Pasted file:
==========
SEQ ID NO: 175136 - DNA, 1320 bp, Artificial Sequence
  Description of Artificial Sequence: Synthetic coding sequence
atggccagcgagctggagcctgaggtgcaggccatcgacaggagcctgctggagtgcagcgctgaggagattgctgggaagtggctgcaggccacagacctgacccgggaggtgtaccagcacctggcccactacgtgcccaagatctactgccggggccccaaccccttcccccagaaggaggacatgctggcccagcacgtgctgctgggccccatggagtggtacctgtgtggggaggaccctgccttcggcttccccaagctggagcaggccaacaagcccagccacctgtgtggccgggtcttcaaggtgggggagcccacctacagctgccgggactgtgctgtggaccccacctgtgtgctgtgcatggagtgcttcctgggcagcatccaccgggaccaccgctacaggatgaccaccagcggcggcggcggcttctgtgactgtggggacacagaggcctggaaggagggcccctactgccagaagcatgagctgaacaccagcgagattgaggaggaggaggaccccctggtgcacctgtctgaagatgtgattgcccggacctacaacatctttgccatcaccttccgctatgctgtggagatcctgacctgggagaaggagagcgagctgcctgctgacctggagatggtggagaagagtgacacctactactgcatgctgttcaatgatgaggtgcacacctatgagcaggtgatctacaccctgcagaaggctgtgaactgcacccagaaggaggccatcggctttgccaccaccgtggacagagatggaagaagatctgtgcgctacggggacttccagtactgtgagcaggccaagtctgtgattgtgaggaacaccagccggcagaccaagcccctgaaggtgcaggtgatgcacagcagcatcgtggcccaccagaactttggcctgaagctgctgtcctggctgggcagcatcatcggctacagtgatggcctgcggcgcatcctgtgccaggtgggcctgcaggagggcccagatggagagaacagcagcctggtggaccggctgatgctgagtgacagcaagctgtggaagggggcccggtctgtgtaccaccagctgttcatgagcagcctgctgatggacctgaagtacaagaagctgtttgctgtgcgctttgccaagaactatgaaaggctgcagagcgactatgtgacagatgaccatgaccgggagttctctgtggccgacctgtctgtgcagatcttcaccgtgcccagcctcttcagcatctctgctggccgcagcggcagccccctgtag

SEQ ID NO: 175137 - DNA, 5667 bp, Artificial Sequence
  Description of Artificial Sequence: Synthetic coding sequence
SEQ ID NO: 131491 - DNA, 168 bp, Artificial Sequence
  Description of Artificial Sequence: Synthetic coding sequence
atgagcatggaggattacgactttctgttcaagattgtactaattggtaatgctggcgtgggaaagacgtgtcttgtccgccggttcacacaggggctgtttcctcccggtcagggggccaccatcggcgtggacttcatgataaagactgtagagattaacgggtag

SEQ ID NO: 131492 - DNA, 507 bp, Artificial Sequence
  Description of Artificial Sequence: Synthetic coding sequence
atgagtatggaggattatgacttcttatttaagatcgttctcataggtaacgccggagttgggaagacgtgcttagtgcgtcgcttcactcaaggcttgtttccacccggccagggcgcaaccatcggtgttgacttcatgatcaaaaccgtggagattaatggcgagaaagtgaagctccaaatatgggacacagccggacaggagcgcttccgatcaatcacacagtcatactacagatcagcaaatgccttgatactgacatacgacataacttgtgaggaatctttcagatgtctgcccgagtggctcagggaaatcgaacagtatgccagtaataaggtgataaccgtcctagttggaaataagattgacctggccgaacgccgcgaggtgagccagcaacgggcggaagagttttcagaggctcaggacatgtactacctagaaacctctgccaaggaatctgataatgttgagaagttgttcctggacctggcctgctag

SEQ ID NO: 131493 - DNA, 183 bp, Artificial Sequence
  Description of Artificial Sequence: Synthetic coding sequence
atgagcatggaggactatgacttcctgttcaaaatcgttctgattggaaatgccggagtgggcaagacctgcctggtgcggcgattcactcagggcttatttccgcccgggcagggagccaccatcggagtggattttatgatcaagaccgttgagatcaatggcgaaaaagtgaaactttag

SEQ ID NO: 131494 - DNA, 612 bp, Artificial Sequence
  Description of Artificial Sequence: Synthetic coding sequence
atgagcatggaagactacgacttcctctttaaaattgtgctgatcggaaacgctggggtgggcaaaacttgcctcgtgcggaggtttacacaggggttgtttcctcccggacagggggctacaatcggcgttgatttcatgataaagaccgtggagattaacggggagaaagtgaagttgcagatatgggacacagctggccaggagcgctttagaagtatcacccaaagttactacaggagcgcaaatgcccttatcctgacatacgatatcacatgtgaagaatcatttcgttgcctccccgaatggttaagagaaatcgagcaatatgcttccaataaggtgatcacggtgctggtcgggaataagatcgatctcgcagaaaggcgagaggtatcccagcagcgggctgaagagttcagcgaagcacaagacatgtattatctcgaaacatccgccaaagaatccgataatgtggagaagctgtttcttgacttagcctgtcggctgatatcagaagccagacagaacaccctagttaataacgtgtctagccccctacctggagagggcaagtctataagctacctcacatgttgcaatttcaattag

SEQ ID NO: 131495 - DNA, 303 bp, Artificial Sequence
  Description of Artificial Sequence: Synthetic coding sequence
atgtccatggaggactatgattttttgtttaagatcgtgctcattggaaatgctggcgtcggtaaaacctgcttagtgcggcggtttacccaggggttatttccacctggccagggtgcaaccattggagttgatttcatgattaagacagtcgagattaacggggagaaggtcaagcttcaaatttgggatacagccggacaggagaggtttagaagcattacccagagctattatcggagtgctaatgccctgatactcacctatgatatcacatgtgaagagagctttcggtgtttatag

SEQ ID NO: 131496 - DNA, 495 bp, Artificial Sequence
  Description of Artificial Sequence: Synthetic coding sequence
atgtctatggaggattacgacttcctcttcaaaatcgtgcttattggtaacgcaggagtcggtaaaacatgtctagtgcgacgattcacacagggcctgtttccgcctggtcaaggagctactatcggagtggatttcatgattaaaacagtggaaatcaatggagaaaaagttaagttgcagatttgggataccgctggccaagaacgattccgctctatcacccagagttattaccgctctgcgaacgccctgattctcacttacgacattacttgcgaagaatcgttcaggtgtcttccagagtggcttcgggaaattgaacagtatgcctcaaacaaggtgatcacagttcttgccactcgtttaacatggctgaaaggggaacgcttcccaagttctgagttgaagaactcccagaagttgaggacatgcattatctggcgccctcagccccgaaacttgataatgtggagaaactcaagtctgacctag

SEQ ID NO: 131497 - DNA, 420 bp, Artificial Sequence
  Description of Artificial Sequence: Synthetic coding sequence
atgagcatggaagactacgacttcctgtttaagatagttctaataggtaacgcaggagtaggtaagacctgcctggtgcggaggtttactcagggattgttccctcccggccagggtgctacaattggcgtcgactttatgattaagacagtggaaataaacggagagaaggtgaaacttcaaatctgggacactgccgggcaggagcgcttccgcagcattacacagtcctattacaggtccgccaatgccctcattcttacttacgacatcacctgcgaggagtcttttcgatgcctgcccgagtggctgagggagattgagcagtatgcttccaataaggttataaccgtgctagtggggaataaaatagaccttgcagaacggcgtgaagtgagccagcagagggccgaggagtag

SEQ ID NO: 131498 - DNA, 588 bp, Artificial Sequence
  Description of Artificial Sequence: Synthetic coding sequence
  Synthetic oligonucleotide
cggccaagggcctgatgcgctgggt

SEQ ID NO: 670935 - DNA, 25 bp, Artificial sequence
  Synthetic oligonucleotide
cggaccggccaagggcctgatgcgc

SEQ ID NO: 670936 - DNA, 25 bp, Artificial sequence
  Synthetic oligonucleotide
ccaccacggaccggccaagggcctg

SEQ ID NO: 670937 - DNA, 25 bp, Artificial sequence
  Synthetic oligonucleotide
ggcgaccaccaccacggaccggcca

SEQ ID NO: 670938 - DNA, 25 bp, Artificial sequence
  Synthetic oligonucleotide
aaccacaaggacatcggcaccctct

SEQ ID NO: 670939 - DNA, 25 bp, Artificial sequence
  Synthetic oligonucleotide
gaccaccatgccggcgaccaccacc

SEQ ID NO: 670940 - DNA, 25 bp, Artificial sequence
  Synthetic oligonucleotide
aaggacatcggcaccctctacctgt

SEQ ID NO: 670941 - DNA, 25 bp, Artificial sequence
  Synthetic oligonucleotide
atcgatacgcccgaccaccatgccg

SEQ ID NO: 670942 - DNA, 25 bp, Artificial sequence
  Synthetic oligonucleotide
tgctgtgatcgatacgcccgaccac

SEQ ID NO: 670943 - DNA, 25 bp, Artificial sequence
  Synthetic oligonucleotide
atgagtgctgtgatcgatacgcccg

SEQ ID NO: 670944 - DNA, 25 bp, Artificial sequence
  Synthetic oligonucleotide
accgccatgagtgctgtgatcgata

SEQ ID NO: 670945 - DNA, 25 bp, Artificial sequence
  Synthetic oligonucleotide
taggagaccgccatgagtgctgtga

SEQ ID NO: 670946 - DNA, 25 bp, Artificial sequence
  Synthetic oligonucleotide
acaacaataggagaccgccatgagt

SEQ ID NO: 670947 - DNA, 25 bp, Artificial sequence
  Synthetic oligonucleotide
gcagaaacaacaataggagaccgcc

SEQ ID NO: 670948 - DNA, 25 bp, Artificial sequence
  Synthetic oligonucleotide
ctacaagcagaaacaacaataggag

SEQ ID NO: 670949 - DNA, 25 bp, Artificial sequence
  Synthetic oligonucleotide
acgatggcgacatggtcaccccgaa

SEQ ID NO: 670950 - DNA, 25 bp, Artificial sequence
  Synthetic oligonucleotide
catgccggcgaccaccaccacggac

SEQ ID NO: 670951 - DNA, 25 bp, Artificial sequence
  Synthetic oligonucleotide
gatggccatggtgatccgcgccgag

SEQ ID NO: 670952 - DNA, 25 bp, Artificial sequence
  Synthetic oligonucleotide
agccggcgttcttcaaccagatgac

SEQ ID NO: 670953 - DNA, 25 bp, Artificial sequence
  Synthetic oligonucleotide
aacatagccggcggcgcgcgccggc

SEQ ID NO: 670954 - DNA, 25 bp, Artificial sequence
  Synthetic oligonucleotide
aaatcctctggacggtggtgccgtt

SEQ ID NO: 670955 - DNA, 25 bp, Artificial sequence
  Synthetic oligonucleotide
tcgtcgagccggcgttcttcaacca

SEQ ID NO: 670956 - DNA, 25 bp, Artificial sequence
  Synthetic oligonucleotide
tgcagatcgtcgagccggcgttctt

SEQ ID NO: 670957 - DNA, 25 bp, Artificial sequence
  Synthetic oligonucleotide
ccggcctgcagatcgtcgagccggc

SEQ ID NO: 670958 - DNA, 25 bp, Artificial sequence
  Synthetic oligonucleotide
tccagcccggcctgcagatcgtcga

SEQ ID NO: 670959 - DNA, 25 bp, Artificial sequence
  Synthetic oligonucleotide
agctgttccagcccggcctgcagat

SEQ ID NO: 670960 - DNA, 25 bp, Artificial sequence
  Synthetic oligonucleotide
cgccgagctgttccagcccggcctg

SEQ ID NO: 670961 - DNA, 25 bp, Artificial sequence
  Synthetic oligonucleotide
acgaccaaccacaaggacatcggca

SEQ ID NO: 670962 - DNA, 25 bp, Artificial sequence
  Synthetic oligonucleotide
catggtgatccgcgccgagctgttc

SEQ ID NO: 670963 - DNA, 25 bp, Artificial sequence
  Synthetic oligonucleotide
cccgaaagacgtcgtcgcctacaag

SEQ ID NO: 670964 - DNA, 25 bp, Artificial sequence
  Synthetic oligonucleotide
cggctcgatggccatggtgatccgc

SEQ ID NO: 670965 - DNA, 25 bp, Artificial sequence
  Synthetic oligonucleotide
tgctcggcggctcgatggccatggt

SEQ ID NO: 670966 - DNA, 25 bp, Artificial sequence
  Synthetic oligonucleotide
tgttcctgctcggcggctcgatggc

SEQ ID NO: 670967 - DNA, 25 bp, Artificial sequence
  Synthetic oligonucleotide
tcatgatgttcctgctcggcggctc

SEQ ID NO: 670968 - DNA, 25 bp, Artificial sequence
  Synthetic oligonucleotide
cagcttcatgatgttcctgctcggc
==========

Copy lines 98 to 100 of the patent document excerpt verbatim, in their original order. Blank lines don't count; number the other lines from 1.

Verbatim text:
  Synthetic oligonucleotide
ccggcctgcagatcgtcgagccggc

SEQ ID NO: 670958 - DNA, 25 bp, Artificial sequence